Mars Scientists Intensify Search for Water Spurred on by the apparent discovery of evidence of very recent liquid water on Mars, researchers are boosting their efforts to determine whether water is flowing on the red planet's surface right now.

At the same time, new findings from the satellites and rovers studying Mars are unraveling the central role water has played in shaping the planet.

This week scientists announced a plan to use powerful imaging instruments on NASA's newest red planet spacecraft, the Mars Reconnaissance Orbiter, to focus on gullies. Sediment deposits found in such areas would unmistakably confirm the presence of water.

"We've moved it up the priority list," said Roger Phillips of Washington University in St. Louis, Missouri, a leader of the orbiter's radar team.

"We hope for results by the end of next month."

Phillips and other NASA researchers presented their new Mars findings Wednesday in San Francisco at a meeting of the American Geophysical Union.

Below the Surface

The Mars Reconnaissance Orbiter entered the planet's orbit in March. The spacecraft has already peeked below the planet's ice-covered poles, revealing complicated layers just beneath the surface.

These strata represent "a tape recorder of the climatic history of the planet," Phillips said.

The findings allow scientists to begin piecing together the planet's climate cycles as far back as hundreds of millions of years.

The orbiter has also found deposits of ancient, water-bearing clays and gypsum, added John Mustard of Brown University in Providence, Rhode Island.

Such minerals "record the history of the interaction between water and the surface of Mars," he said.

Meanwhile the European Space Agency's Mars Express spacecraft has probed beneath Mars's northern hemisphere, revealing 11 buried impact craters beneath the hemisphere's relatively smooth surface. The buried craters range from 80 miles (130 kilometers) to 290 miles (470 kilometers) in diameter.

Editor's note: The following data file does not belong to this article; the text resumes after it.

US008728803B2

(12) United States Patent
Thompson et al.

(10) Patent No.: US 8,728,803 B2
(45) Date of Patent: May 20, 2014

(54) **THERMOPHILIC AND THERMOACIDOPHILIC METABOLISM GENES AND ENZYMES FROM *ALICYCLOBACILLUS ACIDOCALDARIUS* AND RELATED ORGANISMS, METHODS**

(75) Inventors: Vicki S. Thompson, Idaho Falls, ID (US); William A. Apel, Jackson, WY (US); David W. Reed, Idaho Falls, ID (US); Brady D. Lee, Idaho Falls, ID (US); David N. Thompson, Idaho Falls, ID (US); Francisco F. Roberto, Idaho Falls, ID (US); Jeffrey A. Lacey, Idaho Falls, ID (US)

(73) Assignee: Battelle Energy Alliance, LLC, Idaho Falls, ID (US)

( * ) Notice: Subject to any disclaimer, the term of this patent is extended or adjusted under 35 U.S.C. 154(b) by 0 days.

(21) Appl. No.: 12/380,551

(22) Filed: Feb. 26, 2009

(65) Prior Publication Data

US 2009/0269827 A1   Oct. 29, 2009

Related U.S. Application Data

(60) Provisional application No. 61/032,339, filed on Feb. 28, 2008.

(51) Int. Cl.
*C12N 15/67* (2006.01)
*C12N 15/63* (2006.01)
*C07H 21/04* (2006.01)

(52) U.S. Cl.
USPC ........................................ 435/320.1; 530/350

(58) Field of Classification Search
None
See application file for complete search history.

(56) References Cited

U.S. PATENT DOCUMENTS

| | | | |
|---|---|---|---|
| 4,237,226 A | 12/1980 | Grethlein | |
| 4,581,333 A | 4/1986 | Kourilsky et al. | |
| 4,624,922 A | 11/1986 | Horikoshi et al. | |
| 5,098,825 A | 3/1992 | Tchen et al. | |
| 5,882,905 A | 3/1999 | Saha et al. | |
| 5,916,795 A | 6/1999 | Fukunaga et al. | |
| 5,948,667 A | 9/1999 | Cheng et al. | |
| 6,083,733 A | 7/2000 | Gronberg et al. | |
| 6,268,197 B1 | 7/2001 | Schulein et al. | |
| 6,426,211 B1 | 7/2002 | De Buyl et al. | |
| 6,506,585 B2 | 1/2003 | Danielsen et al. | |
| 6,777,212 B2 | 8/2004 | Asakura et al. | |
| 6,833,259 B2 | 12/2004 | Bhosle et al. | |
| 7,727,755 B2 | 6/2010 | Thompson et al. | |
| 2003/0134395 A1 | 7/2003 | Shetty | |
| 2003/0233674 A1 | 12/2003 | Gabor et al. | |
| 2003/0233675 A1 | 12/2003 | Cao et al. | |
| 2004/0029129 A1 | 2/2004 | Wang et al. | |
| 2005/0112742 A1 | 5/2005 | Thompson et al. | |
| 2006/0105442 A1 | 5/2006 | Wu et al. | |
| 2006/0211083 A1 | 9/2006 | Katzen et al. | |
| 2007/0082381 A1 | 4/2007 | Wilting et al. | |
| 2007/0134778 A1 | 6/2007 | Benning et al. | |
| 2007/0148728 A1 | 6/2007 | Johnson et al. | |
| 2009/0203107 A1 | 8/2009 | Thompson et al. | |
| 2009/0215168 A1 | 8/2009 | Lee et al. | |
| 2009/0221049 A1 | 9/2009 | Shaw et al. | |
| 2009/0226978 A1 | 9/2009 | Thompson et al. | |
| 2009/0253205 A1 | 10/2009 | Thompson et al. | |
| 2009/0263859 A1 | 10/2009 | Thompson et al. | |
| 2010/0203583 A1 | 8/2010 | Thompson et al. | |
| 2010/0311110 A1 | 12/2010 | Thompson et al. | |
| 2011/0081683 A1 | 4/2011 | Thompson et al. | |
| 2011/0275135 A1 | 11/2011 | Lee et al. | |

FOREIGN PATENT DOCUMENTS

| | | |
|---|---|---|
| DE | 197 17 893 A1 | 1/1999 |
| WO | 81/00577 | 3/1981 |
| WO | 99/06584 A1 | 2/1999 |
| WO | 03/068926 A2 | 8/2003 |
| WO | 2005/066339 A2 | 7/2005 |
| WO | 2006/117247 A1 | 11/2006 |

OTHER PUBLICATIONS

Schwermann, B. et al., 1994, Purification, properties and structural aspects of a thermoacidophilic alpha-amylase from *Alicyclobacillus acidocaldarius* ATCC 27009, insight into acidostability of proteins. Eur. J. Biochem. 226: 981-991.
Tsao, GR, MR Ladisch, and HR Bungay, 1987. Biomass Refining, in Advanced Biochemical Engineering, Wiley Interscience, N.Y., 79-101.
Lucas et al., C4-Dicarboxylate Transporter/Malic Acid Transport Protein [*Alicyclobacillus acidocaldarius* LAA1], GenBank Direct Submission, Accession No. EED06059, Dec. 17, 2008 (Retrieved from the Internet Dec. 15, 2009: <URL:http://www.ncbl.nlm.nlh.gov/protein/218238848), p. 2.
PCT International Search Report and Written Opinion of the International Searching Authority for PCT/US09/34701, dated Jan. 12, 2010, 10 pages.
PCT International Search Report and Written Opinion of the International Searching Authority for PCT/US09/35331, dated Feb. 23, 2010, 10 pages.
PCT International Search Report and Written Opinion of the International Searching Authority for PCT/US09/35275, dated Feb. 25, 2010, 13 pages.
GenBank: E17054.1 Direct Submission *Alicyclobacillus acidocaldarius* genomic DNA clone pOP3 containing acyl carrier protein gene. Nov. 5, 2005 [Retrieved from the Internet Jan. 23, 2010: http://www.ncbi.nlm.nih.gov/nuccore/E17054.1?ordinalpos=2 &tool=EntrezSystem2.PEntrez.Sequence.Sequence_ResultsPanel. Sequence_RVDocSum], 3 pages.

The findings, reported in this week's issue of the journal Nature, help explain why Mars's sparsely cratered northern hemisphere differs so drastically in appearance from the southern hemisphere's craggy highlands.

The scientists speculate that the northern craters were covered up fairly recently, geologically speaking, by the smother, younger crust visible at the surface. Exactly what caused this burial remains a mystery.

Still Roving

NASA's twin Mars rovers, Spirit and Opportunity, are also making new finds—nearly 900 days after their original, 90-day mission was originally slated to end.

Opportunity recently completed a 21-month, four-mile (seven-kilometer) uphill trek to arrive at the edge of a large crater known as Victoria.

The rover has snapped high-resolution images of the crater's interior, revealing layers of ancient rock characteristic of windblown deposits.

It "looks just like a place on Earth," said Steve Squyres of Cornell University in Ithaca, New York, principal investigator for the rovers' mission.

Opportunity also reencountered "blueberries," tiny spherical deposits filled with minerals that typically form in the presence of water.

The blueberries were probably created in the area when subsurface water rose, reaching the surface at lower elevations, such as Opportunity's landing site, Squyers said.

But at the higher elevations Opportunity traveled on in recent months, the blueberries most likely remained below the surface. The newfound blueberries were probably flung free during the impact that created Victoria Crater.

The blueberry-forming water seems to have evaporated pretty quickly, even on the rare occasions when it reached the surface, Squyers added.

"Mostly it was an arid environment," he said.

Opportunity's twin, Spirit, is also back on the move after its second Martian winter—though it has had to travel mostly backward ever since one of its front wheels was damaged.

The rover has found water-altered minerals and basalt rocks in the Columbia Hills, an area typical of much of Mars's surface.

Spirit has also spotted water-ice clouds.

"We didn't see that last winter," said Ray Arvidson, NASA's deputy principal investigator for the rovers.

"This shows that Mars has significant interyear variability."